Political factionalism has also been blamed for rising incidence of IDPs and disruptions. Political leaders are accused of fueling crisis to win election at all costs. Poverty and unemployment provide the fuel and the willing hands that accept to burn down the country for peanuts.

Lethargy & poor governance:

Perhaps, the most implicated remote cause is the lethargy and poor governance syndrome that pervade the country. Early warning signals are always there but are always ignored. Most reports of inquiries usually mention various warning letters and threats by aggrieved groups over a period before violence follows.

Most traditional fathers who came together in Port Harcourt for most of August 2017 on how to reduce tension in oil communities said their appeals and warnings were usually ignored. Often, governments impose a wrong and unpopular royal father on the masses and they explode like fuel.

Poor and incompetent governance strategies which mishandle most conflicts end up aggravating them. Corruption joins to make matters worse.

Consequences:

The overall result of these happenings is that Nigeria now looks like a country at war. International travel advisory warns travelers to gauge the security pulse of any nation they enter into by the frequency of physical presence of uniformed security operatives from the airport down to the city. If such is a measure, then Nigeria seems already at war. Armed men always line up the routes in most parts of the country. In Rivers State, buses are now hijacked on the East West Road at Emuohua, between Port Harcourt and Ahoada. The trend has resumed on Port Harcourt – Owerri Road.

These kidnappers hijack an entire bus load of travelers and warehouse the passengers. They process their victims to assess their kidnap value and begin to make calls for ransom. This may lead to abandoning of travels by panicky residents and collapse of the transportation economy.

For now, the number of distressed and displaced Nigerians keeps increasing. In some parts of the country, the Federal Government has drafted soldiers to take over the job of regular police in such places, a situation that has heightened tension and put people in perpetual fear.

Solution:

A university don, Godfrey Omojefe of University of Port Harcourt wants the government to quickly come to the aid of the flood displaced persons, the latest cause of IDP syndrome in the country. “From now on, everybody should be involved in ensuring that drainages are not blocked to allow free flow of water to the canals and rivers.”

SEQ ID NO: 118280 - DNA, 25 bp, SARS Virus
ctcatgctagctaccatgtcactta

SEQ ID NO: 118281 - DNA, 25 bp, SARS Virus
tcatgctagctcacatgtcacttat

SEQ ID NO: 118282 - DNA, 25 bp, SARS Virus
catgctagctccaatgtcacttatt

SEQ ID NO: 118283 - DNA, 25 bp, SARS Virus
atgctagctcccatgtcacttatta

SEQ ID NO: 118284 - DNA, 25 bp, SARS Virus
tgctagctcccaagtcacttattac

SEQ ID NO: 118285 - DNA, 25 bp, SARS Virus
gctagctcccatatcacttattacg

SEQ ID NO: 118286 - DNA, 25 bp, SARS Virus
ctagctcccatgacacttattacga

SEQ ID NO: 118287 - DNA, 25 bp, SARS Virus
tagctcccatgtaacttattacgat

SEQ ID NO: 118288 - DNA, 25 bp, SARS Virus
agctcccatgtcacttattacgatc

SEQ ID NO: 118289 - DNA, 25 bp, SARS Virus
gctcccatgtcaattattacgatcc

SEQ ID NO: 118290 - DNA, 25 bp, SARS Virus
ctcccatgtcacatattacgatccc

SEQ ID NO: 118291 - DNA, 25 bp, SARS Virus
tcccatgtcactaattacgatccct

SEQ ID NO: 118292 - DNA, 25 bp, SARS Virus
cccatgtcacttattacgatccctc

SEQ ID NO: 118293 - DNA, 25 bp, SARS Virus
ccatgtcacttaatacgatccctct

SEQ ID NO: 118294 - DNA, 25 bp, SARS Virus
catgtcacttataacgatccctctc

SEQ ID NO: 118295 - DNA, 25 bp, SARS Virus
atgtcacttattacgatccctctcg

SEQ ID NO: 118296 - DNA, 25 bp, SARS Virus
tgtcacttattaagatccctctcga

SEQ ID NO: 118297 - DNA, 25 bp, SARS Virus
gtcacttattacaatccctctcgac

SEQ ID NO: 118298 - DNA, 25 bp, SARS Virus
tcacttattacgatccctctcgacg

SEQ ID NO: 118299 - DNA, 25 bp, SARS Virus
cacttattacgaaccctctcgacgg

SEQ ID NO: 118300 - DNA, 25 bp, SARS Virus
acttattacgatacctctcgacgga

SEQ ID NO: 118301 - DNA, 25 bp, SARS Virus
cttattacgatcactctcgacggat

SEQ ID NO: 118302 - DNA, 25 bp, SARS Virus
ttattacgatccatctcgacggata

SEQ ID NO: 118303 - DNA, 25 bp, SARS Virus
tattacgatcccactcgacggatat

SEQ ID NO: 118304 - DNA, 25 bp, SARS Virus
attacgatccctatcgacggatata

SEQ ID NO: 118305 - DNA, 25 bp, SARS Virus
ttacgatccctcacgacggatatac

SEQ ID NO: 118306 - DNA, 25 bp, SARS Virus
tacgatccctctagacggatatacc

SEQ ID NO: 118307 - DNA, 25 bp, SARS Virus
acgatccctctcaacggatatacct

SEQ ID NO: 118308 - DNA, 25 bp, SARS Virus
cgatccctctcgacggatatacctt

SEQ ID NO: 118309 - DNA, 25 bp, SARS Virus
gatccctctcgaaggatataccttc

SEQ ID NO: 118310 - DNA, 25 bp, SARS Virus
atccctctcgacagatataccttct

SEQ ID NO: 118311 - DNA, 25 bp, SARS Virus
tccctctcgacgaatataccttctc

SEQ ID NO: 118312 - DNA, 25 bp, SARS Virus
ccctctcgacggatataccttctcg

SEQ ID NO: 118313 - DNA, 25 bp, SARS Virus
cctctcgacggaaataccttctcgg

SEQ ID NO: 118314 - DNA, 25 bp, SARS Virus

On Boko Haram, he said: “We appreciate the effort of the Nigerian Army in tackling Boko Haram but the issues of herdsmen should also be adequately addressed. Arming them is completely unacceptable or else more souls would be lost. States should have enabling laws that will permit where grazing should be allowed.” This seems to be the essence of the grazing law being contemplated but many have raised the alarm that grazing law would hand over land to herdsmen in the south. Efforts should be made to mount adequate enlightenment campaign on the true provisions of the bill.

A maritime expert and president of Marine Club of Nigeria (MCN), Chinedu Jideofo Ogbuagu, said flooding is now a new menace. He said the Benue flooding was not the first of its kind in that state. “We will partner with willing agencies of both the federal and state governments in providing solutions to perennial flooding in Nigeria, thus prevent destruction of property and displacement of persons,” Ogbuagu said.

Probes of communal clashes must look at the remote factors and identify all those, especially government officials that ignored early warning alerts. These officers retire with good service records and benefits while communities they led to violence by negligence, ineptitude, corruption and other acts of incompetence keep suffering.

International agencies and organs of the United Nations could be made to have the right to review local probes on conflicts and be part of conflict resolution efforts in Nigeria. The UN could lend templates on conflict management and provide endorsement mechanisms to certify probe outcomes in Nigeria. This method would expose those who failed to do what is right at the onset and make government officials sit up.

Fighting insurgency is one thing but preventing uprising through justice to all is another. The fight against insurgency should not only be stepped up but soft measures to reduce impact should be intensified.

Nigeria is a signatory to the UN Guiding Principles on IDPs and this refers to the 1998 United Nations Guiding Principles on Internal Displacement, which are recognised as an important international framework for the protection of internally displaced persons. This must be exhumed and adhered to in more strict measures.

The Un document says a durable solution is achieved when internally displaced persons no longer have any specific assistance and protection needs that are linked to their displacement and can enjoy their human rights without discrimination on account of their displacement. “This requires comprehensive approach encompassing voluntary return, local integration and resettlement.”

 

Ignatius Chukwu


by Ignatius Chukwu

September 10, 2017 | 4:00 am
12893  |   93   |   0  |   Start Conversation